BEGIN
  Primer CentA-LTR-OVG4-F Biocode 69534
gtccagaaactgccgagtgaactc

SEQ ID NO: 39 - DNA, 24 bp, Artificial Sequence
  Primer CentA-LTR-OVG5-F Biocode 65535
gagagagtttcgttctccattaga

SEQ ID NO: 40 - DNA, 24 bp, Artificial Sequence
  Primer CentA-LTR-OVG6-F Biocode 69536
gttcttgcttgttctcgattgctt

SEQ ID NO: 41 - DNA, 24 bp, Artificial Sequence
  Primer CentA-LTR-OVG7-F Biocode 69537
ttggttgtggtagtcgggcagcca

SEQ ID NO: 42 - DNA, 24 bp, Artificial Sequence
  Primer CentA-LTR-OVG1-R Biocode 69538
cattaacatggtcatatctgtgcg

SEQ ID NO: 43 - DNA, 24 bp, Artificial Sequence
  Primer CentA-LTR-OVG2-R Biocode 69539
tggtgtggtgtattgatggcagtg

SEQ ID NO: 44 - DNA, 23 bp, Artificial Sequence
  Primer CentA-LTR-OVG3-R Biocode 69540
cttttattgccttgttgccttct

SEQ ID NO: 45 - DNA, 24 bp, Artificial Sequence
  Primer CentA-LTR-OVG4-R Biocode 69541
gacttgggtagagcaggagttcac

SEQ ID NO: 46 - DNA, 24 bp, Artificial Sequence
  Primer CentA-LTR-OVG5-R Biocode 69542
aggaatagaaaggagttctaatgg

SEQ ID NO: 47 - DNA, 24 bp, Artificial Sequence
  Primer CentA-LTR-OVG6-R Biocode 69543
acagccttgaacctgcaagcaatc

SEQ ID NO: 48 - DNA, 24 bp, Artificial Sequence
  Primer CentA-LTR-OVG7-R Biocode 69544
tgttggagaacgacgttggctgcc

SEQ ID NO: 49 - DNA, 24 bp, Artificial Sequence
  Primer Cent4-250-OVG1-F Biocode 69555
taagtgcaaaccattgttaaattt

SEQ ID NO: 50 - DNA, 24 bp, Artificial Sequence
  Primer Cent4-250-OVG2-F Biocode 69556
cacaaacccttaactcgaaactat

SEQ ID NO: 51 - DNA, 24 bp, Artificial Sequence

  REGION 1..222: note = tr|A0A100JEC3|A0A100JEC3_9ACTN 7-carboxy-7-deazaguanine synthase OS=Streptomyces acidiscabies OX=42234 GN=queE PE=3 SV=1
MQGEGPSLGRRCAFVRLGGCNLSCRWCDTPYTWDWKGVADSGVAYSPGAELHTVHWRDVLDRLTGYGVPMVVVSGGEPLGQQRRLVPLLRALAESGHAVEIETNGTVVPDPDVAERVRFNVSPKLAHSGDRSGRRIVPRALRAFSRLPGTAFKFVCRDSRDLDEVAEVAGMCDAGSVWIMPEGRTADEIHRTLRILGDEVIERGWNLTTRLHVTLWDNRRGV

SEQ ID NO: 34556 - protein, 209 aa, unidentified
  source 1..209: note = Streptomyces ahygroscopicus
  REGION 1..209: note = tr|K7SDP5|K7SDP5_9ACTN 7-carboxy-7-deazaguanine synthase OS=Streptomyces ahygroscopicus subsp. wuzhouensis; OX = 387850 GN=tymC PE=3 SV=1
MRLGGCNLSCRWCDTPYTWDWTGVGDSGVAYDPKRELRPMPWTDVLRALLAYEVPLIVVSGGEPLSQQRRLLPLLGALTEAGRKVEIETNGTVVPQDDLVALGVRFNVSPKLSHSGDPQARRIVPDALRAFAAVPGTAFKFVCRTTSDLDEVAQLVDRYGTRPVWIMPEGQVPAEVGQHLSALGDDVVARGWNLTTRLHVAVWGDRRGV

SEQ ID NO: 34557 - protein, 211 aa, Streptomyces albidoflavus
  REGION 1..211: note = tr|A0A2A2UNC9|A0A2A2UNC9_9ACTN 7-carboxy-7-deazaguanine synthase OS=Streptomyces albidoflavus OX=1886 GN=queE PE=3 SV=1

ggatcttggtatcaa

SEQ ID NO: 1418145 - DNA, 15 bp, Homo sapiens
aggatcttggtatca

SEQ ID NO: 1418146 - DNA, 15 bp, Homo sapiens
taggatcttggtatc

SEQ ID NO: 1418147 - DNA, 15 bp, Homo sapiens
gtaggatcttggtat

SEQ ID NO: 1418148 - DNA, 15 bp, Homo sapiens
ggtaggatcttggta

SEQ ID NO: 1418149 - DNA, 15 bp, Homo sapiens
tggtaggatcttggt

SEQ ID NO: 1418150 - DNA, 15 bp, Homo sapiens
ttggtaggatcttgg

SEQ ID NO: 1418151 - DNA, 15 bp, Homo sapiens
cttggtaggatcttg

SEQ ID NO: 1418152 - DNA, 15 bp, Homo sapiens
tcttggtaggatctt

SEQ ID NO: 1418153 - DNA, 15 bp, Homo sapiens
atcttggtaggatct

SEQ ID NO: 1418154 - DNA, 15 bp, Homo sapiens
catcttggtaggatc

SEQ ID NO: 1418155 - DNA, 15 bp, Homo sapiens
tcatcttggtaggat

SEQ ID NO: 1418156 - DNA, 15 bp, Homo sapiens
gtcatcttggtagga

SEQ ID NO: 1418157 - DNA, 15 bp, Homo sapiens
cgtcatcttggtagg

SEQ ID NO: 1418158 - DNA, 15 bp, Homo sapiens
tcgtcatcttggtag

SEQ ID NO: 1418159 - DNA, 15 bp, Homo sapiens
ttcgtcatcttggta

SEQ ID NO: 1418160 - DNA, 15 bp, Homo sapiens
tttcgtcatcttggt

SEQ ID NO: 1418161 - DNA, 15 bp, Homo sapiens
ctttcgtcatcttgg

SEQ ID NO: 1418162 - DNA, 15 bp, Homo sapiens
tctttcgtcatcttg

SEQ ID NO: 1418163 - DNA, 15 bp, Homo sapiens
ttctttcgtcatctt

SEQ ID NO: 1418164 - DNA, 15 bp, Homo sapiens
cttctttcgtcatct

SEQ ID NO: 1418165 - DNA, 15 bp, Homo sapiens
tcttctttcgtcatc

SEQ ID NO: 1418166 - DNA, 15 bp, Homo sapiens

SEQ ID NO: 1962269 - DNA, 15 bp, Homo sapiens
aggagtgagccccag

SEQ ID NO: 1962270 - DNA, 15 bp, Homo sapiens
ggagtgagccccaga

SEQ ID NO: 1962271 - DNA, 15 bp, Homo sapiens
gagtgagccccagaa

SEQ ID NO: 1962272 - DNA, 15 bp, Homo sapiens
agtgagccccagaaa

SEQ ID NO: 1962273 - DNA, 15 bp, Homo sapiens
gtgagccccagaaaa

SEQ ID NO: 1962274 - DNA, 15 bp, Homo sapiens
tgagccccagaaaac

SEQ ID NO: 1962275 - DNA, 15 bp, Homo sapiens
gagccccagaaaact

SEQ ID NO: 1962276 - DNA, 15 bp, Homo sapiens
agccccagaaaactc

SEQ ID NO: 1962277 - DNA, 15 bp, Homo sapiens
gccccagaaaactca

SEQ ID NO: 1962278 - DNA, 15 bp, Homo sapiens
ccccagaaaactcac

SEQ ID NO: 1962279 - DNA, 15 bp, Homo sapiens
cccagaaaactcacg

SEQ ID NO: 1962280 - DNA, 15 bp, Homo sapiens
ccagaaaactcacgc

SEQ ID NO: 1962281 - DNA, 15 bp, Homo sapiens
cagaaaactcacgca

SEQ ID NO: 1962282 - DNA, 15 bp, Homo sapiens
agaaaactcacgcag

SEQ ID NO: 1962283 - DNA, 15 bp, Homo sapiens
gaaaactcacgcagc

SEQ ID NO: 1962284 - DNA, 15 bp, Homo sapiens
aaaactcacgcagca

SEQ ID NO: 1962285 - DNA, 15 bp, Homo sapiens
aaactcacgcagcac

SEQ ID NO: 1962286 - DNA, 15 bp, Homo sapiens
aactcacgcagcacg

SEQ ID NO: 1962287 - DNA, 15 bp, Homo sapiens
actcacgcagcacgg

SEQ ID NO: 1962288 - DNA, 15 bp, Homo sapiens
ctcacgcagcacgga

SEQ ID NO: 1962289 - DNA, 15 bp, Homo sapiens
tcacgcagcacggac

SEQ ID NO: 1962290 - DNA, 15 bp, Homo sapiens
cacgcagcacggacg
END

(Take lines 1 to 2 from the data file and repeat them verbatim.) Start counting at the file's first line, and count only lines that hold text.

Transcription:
  Primer CentA-LTR-OVG4-F Biocode 69534
gtccagaaactgccgagtgaactc